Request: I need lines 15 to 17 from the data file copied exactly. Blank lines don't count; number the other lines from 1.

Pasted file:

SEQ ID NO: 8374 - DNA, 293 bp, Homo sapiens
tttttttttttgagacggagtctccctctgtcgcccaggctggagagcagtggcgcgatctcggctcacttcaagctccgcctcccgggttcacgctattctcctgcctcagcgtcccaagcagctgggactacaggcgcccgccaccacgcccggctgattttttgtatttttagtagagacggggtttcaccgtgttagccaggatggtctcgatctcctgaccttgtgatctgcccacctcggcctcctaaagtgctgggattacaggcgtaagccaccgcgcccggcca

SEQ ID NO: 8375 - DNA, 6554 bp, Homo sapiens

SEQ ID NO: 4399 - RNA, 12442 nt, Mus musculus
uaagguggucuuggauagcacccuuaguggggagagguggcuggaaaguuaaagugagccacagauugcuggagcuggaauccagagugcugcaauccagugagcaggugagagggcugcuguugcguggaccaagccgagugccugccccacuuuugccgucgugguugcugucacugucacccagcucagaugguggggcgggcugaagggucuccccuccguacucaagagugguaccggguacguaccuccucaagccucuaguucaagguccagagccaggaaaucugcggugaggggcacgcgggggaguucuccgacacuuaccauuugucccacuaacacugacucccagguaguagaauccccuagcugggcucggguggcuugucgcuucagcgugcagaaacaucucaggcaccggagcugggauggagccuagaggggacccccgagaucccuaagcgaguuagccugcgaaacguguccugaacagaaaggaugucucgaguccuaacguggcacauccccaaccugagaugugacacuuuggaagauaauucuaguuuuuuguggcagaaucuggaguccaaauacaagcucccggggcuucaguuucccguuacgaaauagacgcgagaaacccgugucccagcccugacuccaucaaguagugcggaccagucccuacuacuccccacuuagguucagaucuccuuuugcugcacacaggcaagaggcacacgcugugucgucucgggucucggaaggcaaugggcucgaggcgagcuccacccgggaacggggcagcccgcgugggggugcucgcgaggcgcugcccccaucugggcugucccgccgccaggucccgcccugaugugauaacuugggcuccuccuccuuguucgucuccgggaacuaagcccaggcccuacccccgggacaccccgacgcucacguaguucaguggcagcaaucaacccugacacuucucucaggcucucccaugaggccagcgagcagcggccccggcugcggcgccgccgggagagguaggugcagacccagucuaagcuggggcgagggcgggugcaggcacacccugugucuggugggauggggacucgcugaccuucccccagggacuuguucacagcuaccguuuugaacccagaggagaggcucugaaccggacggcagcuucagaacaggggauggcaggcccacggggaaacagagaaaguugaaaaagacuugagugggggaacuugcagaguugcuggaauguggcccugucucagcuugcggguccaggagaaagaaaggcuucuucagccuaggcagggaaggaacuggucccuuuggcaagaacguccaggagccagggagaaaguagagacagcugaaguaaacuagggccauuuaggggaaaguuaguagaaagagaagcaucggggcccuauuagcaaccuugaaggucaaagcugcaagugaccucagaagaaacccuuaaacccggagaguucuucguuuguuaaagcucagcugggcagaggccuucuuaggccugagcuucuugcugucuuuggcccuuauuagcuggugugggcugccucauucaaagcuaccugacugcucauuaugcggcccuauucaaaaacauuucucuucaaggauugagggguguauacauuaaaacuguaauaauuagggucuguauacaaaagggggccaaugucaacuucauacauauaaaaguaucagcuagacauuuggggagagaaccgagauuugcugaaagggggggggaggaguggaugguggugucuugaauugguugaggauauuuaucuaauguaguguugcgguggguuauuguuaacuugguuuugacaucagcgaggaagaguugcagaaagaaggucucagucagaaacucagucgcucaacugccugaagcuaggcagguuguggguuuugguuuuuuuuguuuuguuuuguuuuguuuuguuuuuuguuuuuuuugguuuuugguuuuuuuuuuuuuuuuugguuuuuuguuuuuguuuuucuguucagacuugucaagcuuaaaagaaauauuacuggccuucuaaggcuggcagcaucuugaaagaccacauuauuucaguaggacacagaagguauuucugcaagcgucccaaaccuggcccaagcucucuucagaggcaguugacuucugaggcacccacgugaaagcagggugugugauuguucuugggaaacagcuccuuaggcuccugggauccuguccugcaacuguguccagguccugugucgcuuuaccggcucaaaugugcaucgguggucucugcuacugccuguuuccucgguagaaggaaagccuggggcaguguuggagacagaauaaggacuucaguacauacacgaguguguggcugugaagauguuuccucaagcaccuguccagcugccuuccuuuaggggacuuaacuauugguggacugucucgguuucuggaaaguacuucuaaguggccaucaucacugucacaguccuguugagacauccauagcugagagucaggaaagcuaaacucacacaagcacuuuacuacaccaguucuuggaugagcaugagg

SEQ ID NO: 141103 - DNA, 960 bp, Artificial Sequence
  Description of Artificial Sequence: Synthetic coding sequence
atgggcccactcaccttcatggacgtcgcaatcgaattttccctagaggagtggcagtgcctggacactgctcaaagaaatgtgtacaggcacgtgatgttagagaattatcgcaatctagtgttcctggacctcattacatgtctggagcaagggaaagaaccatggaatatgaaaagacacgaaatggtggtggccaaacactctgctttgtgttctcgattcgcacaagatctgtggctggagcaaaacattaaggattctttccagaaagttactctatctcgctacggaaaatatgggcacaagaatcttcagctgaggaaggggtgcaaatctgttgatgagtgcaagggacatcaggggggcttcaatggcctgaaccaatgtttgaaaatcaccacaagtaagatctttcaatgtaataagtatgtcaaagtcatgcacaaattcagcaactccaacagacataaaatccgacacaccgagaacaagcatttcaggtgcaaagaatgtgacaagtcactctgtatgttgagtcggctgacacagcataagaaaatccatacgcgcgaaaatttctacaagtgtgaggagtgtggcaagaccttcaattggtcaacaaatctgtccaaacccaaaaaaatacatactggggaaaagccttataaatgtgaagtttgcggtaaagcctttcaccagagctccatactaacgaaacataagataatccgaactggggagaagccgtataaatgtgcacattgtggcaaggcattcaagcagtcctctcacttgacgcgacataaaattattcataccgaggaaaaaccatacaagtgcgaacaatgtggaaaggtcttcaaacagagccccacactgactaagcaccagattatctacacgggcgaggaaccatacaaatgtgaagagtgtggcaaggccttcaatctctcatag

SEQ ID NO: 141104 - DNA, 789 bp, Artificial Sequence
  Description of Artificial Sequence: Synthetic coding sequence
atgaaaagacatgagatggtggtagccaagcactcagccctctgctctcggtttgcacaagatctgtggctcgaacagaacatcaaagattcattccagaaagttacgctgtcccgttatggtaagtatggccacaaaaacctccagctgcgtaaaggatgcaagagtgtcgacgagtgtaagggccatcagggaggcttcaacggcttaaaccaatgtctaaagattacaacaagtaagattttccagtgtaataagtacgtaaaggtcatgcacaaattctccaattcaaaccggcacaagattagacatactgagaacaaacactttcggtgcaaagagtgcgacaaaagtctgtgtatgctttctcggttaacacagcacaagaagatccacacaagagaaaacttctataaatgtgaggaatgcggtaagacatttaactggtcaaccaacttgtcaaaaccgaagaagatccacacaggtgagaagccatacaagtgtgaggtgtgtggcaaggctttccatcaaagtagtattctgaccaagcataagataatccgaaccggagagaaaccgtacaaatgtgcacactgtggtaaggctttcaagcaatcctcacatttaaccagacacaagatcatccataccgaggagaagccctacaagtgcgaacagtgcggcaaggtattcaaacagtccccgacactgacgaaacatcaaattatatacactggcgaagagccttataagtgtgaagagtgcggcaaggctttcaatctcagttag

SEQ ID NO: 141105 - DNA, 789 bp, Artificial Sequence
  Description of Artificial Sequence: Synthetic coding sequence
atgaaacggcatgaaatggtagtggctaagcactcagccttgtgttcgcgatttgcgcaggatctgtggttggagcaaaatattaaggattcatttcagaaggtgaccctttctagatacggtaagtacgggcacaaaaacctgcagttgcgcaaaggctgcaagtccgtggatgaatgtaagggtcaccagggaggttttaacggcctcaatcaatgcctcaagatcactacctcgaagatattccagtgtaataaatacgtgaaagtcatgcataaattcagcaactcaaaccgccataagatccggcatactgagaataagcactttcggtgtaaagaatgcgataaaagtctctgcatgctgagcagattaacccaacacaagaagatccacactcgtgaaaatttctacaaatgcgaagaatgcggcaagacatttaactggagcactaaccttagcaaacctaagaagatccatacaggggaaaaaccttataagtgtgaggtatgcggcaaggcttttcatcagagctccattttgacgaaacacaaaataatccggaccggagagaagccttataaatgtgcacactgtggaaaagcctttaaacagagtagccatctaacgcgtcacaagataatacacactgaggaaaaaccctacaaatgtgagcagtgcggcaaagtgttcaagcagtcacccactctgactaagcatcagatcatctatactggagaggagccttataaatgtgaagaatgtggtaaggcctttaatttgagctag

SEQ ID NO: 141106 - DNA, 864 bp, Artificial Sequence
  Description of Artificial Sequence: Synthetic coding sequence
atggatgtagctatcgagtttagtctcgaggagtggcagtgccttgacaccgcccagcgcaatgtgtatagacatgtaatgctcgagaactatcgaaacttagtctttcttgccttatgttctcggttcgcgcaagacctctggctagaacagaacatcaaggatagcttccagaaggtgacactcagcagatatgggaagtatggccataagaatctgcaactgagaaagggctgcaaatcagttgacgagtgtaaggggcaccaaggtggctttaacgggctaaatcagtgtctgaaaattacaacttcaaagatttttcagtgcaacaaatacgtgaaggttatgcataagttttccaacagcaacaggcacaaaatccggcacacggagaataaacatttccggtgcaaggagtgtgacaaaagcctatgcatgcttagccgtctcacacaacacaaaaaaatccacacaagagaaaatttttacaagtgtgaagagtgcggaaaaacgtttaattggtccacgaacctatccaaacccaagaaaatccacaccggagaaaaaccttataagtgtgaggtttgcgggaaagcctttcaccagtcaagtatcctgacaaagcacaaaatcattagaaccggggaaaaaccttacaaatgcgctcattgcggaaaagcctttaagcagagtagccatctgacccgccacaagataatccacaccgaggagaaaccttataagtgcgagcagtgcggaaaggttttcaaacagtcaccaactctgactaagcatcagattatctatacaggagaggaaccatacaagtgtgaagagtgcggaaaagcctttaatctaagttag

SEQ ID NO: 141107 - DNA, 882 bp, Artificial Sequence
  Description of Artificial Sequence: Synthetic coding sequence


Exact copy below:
SEQ ID NO: 141106 - DNA, 864 bp, Artificial Sequence
  Description of Artificial Sequence: Synthetic coding sequence
atggatgtagctatcgagtttagtctcgaggagtggcagtgccttgacaccgcccagcgcaatgtgtatagacatgtaatgctcgagaactatcgaaacttagtctttcttgccttatgttctcggttcgcgcaagacctctggctagaacagaacatcaaggatagcttccagaaggtgacactcagcagatatgggaagtatggccataagaatctgcaactgagaaagggctgcaaatcagttgacgagtgtaaggggcaccaaggtggctttaacgggctaaatcagtgtctgaaaattacaacttcaaagatttttcagtgcaacaaatacgtgaaggttatgcataagttttccaacagcaacaggcacaaaatccggcacacggagaataaacatttccggtgcaaggagtgtgacaaaagcctatgcatgcttagccgtctcacacaacacaaaaaaatccacacaagagaaaatttttacaagtgtgaagagtgcggaaaaacgtttaattggtccacgaacctatccaaacccaagaaaatccacaccggagaaaaaccttataagtgtgaggtttgcgggaaagcctttcaccagtcaagtatcctgacaaagcacaaaatcattagaaccggggaaaaaccttacaaatgcgctcattgcggaaaagcctttaagcagagtagccatctgacccgccacaagataatccacaccgaggagaaaccttataagtgcgagcagtgcggaaaggttttcaaacagtcaccaactctgactaagcatcagattatctatacaggagaggaaccatacaagtgtgaagagtgcggaaaagcctttaatctaagttag